PS - Learn more about the differences between pan types in this article on bakeware from the Bake School.
Greasing your pan
Prepare your sheet pan by spreading softened butter over the inside surface. You can do this with clean hands (I like to wrap the paper wrapper around the butter for a less-messy piece to hold onto) or use a silicone pastry brush to smush it (← fancy technical baking term) around the pan.
You can use cooking spray to grease the pan if you prefer, but we find a thick layer of butter helps cake release from pans much more cleanly.
Once your pan is buttered, we recommend pressing a sheet of parchment paper over the bottom surface. This is a good practice especially if your sheet pan is old and grimy (it happens!), as the butter can lift old stains and residue off the pan in the oven - we don't want those flavors on our cake! A piece of parchment also helps the cake release cleanly if you're using a textured pan (like this USA Half Sheet pan, which we love for roasting veggies but is less friendly to sheet cakes) and prevents any potential flavor leeching if your pan has reactive materials like aluminum or copper.
Please note: Wax paper is not a substitute for parchment paper. We do not recommend putting wax paper in the oven.
Our basic order of operations
This cake comes together very quickly! Here's the ;TLDR version:
- Stir dry ingredients together in a large mixing bowl (you can also use a stand mixer!)
- Whisk wet ingredients together (excluding hot water) in a separate bowl or measuring cup.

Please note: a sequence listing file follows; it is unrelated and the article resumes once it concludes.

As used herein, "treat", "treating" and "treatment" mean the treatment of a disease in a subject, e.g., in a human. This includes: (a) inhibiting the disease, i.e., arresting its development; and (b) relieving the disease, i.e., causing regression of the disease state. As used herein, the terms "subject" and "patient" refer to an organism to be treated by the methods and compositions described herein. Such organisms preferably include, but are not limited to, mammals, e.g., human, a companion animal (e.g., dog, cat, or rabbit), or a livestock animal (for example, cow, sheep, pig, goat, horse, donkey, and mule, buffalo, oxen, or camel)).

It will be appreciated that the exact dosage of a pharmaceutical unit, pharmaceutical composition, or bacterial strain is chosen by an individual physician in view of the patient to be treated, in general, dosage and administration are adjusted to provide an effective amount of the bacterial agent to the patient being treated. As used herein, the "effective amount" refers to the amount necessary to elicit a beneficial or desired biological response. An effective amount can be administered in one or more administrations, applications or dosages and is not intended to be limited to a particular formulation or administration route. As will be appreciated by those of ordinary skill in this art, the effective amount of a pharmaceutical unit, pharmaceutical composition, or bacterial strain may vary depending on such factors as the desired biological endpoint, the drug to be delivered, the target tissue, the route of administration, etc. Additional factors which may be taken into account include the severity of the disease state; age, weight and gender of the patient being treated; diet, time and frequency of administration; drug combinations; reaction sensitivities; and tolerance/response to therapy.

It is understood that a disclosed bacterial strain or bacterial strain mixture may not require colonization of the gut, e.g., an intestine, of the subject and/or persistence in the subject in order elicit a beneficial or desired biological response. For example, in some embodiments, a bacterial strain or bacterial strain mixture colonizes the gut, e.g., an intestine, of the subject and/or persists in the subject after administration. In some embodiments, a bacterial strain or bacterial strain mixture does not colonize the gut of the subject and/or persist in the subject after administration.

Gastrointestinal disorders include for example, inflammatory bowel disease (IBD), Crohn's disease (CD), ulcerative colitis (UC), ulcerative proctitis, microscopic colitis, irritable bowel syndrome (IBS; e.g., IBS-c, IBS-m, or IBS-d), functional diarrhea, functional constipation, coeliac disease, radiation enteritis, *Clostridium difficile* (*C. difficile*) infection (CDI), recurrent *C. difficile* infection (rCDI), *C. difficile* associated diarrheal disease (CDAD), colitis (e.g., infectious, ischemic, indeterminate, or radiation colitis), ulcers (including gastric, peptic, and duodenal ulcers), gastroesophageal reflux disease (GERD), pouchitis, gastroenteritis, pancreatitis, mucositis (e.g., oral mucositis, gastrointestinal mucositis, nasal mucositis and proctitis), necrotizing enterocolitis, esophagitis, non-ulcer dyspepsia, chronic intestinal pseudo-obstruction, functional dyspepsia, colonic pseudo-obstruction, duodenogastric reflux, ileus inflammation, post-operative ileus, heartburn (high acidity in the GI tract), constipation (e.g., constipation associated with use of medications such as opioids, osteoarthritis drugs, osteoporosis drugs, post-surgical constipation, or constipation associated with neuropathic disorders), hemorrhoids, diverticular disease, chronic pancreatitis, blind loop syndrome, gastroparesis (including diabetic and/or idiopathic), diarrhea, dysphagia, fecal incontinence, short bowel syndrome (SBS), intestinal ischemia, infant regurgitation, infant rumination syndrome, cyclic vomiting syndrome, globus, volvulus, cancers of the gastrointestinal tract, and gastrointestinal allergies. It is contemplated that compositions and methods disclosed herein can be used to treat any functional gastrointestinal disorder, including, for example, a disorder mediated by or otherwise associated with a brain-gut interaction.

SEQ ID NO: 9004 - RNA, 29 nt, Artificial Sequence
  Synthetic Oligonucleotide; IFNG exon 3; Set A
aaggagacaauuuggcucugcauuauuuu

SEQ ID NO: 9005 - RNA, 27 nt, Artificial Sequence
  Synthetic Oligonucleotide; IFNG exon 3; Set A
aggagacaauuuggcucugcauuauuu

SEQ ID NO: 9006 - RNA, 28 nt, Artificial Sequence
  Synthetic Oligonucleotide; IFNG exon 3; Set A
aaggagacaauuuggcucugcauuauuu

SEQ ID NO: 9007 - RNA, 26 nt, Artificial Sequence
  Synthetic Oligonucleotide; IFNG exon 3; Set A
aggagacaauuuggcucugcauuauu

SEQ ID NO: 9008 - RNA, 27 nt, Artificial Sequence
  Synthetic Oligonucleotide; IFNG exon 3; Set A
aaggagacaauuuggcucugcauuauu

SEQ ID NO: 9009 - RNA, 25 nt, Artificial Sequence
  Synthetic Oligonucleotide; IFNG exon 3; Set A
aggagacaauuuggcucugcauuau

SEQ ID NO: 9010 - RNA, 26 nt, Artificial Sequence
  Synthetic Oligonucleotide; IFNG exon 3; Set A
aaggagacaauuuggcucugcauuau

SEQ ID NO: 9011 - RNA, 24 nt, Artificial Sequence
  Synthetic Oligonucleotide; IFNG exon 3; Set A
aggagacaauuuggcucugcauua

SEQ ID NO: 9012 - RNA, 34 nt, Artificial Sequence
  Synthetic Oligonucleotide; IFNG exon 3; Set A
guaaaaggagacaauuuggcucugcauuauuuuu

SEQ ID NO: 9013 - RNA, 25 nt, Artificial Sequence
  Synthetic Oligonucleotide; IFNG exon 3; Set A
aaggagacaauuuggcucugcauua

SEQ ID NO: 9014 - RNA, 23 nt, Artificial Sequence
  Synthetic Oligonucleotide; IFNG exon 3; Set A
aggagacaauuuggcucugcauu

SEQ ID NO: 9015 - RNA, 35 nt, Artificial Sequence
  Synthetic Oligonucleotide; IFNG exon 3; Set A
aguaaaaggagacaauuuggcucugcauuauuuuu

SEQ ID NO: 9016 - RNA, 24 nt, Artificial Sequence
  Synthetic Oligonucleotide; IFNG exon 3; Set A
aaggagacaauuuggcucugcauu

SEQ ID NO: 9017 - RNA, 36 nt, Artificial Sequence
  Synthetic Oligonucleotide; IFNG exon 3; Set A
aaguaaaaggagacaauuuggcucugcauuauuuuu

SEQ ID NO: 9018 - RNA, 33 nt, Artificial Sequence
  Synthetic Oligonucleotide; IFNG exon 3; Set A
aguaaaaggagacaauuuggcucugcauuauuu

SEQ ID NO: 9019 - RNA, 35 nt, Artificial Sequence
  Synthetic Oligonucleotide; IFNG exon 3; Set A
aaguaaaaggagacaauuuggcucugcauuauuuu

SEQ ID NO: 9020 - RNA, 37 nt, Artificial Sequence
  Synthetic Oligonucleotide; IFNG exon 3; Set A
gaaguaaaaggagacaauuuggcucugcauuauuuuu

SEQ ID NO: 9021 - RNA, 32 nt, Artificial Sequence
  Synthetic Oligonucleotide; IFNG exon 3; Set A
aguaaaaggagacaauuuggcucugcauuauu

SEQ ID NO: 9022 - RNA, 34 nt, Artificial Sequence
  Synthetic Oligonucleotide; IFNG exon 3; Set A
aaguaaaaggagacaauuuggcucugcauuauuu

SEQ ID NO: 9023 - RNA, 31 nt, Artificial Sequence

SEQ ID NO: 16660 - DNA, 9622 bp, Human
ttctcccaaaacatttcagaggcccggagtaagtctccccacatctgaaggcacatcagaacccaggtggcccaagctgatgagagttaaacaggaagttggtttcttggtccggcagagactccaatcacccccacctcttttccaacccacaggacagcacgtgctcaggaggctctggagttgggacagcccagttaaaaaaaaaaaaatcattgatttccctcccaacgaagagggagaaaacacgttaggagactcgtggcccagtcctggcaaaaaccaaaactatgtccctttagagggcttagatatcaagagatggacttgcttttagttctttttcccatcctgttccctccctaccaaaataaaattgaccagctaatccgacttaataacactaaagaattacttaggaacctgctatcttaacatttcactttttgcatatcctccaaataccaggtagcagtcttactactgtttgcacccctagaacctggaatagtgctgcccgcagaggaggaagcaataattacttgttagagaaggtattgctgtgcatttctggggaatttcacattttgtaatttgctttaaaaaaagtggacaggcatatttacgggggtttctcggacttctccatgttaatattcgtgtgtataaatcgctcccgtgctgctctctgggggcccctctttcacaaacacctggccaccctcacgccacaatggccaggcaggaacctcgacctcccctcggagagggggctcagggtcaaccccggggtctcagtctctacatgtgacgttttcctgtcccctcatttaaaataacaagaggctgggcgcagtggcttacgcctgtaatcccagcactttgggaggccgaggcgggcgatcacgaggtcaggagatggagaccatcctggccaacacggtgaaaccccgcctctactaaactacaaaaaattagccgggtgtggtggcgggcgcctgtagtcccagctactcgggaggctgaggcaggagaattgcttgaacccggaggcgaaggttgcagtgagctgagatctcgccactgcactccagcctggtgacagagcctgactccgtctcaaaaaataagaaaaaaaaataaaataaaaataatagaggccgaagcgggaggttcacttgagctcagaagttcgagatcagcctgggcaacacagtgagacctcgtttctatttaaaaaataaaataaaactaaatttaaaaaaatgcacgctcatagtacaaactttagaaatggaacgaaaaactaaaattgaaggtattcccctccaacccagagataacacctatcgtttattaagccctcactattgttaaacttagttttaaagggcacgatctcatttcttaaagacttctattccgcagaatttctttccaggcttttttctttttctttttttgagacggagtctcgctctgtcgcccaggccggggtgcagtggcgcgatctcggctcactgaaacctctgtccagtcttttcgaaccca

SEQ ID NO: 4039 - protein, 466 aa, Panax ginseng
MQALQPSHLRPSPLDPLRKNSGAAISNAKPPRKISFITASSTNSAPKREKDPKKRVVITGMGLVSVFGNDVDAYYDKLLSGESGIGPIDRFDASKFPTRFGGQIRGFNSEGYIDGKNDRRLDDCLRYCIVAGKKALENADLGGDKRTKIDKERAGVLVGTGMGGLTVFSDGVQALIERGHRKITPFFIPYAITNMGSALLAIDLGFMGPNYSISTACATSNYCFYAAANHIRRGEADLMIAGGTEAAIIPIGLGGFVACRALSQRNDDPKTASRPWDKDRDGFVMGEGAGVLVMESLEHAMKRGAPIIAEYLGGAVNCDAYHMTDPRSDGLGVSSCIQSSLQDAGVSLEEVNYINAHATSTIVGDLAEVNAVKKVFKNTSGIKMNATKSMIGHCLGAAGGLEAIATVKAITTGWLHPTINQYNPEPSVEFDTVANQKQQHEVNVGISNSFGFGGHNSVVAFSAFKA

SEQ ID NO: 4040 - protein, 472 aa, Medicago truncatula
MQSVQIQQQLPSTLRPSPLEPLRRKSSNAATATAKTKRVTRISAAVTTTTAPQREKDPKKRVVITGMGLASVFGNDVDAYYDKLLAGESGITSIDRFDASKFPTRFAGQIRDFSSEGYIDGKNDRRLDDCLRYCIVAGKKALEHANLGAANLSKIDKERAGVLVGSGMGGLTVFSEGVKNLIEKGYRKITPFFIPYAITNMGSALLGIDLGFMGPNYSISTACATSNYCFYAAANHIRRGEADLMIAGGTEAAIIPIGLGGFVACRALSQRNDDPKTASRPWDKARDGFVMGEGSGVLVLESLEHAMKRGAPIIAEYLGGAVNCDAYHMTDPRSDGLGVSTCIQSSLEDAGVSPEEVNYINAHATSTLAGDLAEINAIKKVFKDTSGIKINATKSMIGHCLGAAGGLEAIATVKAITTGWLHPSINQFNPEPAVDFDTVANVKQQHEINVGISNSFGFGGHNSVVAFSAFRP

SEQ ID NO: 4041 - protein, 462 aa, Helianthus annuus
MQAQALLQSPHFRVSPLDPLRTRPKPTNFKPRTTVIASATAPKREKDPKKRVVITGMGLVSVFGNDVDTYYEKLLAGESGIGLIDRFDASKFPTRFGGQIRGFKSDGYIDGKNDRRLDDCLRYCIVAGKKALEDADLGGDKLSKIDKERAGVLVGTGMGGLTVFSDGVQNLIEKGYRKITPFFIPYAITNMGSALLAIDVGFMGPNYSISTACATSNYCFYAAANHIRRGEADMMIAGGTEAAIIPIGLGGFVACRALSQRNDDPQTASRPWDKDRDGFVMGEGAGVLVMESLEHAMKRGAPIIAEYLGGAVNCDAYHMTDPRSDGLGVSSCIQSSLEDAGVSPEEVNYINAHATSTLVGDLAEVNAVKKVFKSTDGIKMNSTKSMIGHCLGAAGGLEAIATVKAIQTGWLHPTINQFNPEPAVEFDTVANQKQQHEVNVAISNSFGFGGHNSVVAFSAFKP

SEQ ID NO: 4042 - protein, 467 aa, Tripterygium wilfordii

- Pour wet ingredients into dry ingredients and whisk until they're barely combined, then slowly whisk in the hot water until you have a smooth batter.
- Pour batter into a prepared sheet pan and bake!
- Let cake cool for 15 minutes while you make the frosting.
- Pour frosting over the warm cake and use an offset spatula to spread it around. Let it cool, then slice and serve!
Let's talk about this fudge frosting!
Frost this cake while it's still warm
This frosting solidifies a bit as it sits, which gives it a rich, fudge-y texture (like a thick chocolate ganache). Because it starts to seize up as it cools, it's important to work quickly when frosting this cake.
Pull the cake out of the oven and let it cool - still in its pan - for 10-15 minutes while you gather your tools and prepare the frosting. When it's ready to frost, the cake should be warm (but not hot!) to the touch: you should be able to comfortably rest your hand on its surface. (If the cake is too hot, the frosting will just soak into the cake and disappear).
Once mixed, pour the frosting over the surface of the warm cake. Use an offset spatula to spread the frosting over the cake and into the corners, but try to move it as little as possible for a smooth appearance.
Pro tip: This frosting is fairly sweet: a thin layer goes a long way! If you want a thicker layer, you can double the frosting recipe.
Use a different frosting if you like!
A classic chocolate or vanilla buttercream, cream cheese frosting, or peanut butter frosting are all great here. If you decide to use a buttercream or whipped frosting, let the cake cool completely before spreading the frosting over the top.
What size cake can I make?
This recipe is easy to adapt for whatever size and shape you'd like!
As written, this recipe makes: